In my lifetime, I’ve seen a lot of changes in the Christmas tree. First, the natural evergreen gave way to the flocked tree which was covered by some kind of fluffy concoction that mimicked the appearance of snow. Next came artificial trees. Thankfully, the aluminum ones that were spotlighted with a spinning color wheel were short-lived, but the first plastic ones weren’t much better. They were made of a green material similar to what is used on the end of party toothpicks, and they shed needles almost as badly as the natural trees. Artificial trees have since evolved to the point that it’s hard to tell them from the real thing except that you don’t have to water them, and they don’t begin to droop after a week or two. Having perfected the tree itself, manufacturers have moved to the next level by adding fiber-optic lighting that eliminates the tangled mess of lights that never all work at the same time. (more…)

Interview with Christian Piatt, Author of postChristian

Cover

Today I’m sharing an interview with Christian Piatt, author of postChristian: What’s Left? Can We Fix It? Do We Care?, a new book which is described by Jericho Books as exposing the Church’s biggest “scandals” and “virtues” with bold new vision for Christianity’s future in a “post-Christian” World. Before we get to the questions and answers, let me share more of what the publisher says about the book. (more…)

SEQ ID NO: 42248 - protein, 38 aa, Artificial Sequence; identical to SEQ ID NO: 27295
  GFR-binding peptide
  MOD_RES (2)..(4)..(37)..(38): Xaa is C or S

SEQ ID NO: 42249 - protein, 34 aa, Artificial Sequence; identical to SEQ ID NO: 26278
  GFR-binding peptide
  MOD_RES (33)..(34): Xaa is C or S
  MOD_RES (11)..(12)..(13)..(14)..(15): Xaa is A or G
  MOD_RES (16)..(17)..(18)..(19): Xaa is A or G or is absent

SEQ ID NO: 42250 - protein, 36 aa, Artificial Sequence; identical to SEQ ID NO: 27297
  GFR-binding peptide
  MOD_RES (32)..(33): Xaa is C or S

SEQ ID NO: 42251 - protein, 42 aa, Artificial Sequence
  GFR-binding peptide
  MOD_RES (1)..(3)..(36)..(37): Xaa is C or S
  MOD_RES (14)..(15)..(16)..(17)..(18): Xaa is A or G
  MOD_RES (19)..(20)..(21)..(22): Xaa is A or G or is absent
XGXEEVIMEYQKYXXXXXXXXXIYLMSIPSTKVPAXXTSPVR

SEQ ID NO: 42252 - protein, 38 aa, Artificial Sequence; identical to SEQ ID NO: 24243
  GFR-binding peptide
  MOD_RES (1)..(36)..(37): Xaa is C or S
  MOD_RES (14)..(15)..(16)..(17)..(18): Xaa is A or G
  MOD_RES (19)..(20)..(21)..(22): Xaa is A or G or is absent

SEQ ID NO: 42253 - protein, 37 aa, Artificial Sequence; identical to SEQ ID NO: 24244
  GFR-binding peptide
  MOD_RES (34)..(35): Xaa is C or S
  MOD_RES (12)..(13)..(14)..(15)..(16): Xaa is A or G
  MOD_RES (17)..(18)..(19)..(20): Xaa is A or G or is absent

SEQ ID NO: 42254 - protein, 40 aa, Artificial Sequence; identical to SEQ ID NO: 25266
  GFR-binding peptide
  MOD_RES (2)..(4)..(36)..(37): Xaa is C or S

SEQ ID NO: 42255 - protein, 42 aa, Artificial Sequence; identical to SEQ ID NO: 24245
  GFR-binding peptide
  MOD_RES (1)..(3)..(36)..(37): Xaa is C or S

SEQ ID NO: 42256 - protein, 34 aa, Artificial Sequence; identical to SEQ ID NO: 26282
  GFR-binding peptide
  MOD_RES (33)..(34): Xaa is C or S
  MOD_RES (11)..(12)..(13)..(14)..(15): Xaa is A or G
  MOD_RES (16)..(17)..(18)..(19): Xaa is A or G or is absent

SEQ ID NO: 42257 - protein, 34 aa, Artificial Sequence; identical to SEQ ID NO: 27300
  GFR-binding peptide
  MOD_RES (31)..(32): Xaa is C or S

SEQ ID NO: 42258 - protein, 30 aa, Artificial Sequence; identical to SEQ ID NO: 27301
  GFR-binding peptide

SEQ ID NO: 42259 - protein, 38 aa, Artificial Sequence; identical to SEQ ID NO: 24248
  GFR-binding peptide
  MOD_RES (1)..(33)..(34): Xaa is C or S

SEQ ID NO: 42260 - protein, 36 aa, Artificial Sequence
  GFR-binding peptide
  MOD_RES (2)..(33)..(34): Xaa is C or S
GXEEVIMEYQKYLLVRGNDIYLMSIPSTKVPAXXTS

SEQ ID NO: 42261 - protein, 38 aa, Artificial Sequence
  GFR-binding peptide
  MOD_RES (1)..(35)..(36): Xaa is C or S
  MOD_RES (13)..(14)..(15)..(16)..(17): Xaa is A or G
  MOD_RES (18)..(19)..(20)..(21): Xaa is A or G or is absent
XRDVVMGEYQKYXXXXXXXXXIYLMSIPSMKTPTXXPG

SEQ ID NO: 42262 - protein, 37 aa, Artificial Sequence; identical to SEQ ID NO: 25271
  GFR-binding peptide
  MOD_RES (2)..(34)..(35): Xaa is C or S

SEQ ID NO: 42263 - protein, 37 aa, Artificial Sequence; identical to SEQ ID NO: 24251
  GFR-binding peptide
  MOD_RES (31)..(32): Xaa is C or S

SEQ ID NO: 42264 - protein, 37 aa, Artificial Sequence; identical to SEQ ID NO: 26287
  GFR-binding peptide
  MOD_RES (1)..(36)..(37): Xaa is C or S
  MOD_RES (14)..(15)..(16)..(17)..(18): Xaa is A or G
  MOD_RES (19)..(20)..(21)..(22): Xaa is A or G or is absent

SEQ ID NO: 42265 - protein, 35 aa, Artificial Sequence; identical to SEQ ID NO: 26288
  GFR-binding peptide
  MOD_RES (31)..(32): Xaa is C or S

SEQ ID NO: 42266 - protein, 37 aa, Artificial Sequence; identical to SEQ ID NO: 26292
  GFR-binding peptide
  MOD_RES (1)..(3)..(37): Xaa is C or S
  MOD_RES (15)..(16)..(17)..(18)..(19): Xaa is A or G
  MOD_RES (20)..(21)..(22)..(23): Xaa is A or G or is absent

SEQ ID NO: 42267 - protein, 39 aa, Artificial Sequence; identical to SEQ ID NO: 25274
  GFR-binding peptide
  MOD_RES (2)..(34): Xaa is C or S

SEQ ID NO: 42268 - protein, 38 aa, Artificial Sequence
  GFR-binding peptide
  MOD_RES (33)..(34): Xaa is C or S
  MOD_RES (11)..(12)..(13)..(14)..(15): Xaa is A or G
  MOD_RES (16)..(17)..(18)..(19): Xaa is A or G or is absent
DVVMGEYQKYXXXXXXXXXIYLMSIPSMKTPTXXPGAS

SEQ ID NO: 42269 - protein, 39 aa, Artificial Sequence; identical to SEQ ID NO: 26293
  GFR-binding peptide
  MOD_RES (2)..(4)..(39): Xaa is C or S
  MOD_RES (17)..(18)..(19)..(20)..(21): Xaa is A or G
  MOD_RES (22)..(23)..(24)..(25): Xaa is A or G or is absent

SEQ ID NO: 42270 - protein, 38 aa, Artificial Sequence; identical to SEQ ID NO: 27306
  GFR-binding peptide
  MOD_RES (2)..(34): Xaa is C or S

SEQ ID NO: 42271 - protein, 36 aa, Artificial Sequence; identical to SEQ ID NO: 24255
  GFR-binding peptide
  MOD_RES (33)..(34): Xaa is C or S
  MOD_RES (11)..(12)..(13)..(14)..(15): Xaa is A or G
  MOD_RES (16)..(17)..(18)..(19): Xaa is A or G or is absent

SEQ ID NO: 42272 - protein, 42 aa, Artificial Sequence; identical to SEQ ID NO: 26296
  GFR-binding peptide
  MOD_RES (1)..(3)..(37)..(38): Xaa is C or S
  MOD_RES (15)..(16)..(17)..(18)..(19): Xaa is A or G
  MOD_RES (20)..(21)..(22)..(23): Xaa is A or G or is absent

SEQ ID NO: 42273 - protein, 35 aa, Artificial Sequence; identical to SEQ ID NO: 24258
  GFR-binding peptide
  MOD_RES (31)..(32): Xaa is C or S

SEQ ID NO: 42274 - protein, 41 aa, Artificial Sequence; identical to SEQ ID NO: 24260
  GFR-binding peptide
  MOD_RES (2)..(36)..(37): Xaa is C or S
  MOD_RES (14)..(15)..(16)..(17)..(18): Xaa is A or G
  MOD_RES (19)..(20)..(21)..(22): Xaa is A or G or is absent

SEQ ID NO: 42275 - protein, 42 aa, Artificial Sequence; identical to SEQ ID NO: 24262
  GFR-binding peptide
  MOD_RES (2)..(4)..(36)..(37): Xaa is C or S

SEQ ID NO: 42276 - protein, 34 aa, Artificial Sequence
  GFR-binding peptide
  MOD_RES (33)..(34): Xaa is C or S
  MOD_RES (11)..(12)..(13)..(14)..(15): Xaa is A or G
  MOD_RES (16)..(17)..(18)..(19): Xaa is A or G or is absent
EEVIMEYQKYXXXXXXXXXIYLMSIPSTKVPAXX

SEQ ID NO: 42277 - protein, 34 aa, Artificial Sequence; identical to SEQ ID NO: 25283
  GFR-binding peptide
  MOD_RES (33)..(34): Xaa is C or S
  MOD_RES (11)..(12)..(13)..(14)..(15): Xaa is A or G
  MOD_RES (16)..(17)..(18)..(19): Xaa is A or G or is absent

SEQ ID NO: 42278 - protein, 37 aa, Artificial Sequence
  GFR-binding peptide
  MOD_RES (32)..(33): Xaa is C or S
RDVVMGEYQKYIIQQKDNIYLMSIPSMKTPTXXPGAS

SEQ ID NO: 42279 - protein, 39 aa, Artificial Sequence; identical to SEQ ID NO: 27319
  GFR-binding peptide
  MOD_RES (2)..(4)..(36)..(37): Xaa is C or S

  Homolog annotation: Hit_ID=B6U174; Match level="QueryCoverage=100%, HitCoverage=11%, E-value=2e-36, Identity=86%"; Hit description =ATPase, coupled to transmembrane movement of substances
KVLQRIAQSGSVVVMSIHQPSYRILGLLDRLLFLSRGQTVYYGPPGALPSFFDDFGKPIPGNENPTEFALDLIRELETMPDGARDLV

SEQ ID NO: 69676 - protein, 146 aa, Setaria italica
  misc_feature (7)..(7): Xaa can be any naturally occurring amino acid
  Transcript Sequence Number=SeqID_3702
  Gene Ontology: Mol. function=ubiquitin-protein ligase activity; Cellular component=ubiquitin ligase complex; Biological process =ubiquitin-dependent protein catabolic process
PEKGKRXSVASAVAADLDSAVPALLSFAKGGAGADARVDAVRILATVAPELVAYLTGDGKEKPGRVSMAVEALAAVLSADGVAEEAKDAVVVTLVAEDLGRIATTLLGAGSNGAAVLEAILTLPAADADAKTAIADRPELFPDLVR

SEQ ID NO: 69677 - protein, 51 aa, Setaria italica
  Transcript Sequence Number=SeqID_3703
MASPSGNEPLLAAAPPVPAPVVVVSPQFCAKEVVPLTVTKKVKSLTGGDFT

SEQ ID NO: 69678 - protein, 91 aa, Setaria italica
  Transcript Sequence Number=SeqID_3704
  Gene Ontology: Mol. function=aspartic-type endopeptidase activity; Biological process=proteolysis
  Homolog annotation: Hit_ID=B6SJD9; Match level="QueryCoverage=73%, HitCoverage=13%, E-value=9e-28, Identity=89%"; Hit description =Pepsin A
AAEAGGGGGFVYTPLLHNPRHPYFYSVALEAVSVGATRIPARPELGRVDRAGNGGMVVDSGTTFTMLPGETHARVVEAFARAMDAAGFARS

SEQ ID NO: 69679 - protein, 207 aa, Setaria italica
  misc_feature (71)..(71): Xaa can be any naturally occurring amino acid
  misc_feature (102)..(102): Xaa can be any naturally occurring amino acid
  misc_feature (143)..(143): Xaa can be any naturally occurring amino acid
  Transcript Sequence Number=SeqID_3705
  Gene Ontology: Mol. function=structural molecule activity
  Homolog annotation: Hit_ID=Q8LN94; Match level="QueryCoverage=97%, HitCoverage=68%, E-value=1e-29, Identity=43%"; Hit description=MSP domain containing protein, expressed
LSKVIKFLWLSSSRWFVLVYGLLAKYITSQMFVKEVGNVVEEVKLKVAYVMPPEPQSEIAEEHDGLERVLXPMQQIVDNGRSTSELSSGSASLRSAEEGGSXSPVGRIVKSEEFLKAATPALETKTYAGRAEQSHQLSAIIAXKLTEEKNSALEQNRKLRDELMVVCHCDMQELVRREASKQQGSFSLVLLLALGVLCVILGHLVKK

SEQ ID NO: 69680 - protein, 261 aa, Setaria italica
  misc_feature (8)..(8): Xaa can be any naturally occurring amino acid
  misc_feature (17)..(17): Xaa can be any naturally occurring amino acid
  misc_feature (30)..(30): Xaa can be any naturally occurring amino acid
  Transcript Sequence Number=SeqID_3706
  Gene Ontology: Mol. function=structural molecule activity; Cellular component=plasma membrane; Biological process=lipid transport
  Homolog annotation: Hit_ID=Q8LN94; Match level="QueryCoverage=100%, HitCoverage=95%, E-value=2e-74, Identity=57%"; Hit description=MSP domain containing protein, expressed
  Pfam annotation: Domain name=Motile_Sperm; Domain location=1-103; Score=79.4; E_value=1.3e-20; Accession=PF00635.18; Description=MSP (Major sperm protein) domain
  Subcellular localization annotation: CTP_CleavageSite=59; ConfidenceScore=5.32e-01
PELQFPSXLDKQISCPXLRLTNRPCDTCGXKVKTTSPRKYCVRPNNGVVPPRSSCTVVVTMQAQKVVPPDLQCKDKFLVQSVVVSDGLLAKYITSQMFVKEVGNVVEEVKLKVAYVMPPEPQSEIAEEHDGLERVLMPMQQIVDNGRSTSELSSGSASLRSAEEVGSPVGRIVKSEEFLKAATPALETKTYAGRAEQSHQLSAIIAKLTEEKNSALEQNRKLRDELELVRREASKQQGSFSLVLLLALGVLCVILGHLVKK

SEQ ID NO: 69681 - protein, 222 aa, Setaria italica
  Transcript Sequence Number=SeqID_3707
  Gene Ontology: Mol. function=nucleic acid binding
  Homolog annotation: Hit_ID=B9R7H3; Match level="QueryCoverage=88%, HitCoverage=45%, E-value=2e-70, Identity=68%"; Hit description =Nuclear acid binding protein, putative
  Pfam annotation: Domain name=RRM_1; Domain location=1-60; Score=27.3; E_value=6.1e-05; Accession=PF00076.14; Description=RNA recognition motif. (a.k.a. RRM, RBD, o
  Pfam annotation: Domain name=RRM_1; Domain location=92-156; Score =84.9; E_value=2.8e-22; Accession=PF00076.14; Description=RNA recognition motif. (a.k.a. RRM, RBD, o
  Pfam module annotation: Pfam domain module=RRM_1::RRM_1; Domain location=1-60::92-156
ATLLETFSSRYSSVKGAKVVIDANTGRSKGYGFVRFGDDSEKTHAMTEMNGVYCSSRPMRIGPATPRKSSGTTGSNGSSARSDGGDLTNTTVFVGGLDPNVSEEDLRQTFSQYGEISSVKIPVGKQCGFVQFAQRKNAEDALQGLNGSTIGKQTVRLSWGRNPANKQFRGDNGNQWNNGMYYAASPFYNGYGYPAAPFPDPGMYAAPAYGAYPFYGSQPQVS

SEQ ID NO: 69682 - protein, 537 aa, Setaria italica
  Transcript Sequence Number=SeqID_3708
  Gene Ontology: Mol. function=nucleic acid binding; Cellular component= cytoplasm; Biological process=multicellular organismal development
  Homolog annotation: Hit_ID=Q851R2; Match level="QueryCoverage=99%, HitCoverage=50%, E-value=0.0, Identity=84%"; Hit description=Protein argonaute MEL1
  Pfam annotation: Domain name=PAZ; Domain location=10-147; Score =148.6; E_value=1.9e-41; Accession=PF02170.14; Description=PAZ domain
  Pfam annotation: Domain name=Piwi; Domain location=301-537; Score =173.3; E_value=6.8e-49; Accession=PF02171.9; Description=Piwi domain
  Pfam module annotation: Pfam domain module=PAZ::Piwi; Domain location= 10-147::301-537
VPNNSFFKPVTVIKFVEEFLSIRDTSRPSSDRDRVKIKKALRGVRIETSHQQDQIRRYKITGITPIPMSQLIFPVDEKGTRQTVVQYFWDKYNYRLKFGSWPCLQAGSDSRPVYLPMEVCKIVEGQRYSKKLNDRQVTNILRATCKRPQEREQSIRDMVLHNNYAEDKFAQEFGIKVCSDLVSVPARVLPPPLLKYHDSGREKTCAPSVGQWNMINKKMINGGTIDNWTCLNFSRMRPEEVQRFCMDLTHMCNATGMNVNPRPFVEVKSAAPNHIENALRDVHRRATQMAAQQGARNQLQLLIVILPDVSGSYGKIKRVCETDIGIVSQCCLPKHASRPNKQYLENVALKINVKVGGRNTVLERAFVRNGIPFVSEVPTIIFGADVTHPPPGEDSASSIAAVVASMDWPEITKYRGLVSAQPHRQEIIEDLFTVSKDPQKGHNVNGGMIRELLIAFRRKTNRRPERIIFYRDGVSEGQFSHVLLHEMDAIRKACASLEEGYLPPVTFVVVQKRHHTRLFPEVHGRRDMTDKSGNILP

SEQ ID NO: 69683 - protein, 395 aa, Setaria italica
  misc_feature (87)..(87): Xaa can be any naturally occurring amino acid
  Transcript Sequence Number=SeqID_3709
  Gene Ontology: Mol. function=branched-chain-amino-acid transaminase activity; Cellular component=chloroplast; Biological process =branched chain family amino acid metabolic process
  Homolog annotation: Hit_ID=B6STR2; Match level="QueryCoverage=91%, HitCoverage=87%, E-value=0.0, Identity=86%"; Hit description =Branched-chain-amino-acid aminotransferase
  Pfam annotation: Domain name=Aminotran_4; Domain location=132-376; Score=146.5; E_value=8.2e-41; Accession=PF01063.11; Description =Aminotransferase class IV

Caregiver Quotes and Tips #9 – Melody and Memory

Melody and Memory

Even in the later stages of Alzheimer’s, many people still respond to music.

Ours was a musical family, and many of our gatherings included a hymn sing around the piano. Mom and I liked to stand together so we could harmonize, and sometimes we had our own singing sessions seated side by side on our piano bench at home. When she and Dad came to live with David and me, we took them to church with us every Sunday where, once again, she and I sang side by side. She struggled with some of the contemporary choruses, but she remembered the old hymns.

The senior adult ministry at our church had a monthly luncheon that always included some sort of entertainment. Once in a while that took the form of a hymn sing, and one afternoon, someone requested “What a Friend We Have in Jesus.” It was one of “our” songs, one of the first songs we sang together. As we sang, our eyes met, and just for a moment, her eyes cleared and my mother was there, as she had been before Alzheimer’s. It didn’t last long. As the clarity faded from her eyes, she continued to sing, but I couldn’t make a sound past the lump in my throat. A couple of years later, there was another hymn sing, but Mom didn’t show up. She was physically present, and she sang along, but she stumbled over some of the words, and when our eyes met, there was no clarity.